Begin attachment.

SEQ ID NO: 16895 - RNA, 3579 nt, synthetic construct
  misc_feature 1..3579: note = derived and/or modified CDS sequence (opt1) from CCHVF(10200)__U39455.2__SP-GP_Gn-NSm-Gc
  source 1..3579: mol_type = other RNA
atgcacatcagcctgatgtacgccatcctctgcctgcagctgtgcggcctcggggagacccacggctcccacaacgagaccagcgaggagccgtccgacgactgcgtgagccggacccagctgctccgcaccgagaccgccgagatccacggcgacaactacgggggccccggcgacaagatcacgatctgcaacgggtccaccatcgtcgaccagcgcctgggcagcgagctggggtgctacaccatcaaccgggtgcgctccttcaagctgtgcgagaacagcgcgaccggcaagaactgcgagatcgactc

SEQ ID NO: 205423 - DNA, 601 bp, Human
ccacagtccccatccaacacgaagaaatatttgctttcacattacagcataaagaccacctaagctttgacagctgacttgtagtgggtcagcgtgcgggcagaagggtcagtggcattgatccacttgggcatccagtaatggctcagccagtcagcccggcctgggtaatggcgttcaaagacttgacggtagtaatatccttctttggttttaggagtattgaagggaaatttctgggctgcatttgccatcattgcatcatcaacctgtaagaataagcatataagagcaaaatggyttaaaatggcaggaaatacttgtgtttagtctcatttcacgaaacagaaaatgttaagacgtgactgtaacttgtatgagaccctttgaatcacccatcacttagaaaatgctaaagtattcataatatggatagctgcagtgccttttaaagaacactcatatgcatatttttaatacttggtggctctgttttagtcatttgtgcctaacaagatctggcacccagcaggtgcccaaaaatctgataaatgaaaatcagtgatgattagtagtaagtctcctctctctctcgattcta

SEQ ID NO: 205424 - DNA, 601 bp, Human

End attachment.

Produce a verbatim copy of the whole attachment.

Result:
SEQ ID NO: 16895 - RNA, 3579 nt, synthetic construct
  misc_feature 1..3579: note = derived and/or modified CDS sequence (opt1) from CCHVF(10200)__U39455.2__SP-GP_Gn-NSm-Gc
  source 1..3579: mol_type = other RNA
atgcacatcagcctgatgtacgccatcctctgcctgcagctgtgcggcctcggggagacccacggctcccacaacgagaccagcgaggagccgtccgacgactgcgtgagccggacccagctgctccgcaccgagaccgccgagatccacggcgacaactacgggggccccggcgacaagatcacgatctgcaacgggtccaccatcgtcgaccagcgcctgggcagcgagctggggtgctacaccatcaaccgggtgcgctccttcaagctgtgcgagaacagcgcgaccggcaagaactgcgagatcgactc

SEQ ID NO: 205423 - DNA, 601 bp, Human
ccacagtccccatccaacacgaagaaatatttgctttcacattacagcataaagaccacctaagctttgacagctgacttgtagtgggtcagcgtgcgggcagaagggtcagtggcattgatccacttgggcatccagtaatggctcagccagtcagcccggcctgggtaatggcgttcaaagacttgacggtagtaatatccttctttggttttaggagtattgaagggaaatttctgggctgcatttgccatcattgcatcatcaacctgtaagaataagcatataagagcaaaatggyttaaaatggcaggaaatacttgtgtttagtctcatttcacgaaacagaaaatgttaagacgtgactgtaacttgtatgagaccctttgaatcacccatcacttagaaaatgctaaagtattcataatatggatagctgcagtgccttttaaagaacactcatatgcatatttttaatacttggtggctctgttttagtcatttgtgcctaacaagatctggcacccagcaggtgcccaaaaatctgataaatgaaaatcagtgatgattagtagtaagtctcctctctctctcgattcta

SEQ ID NO: 205424 - DNA, 601 bp, Human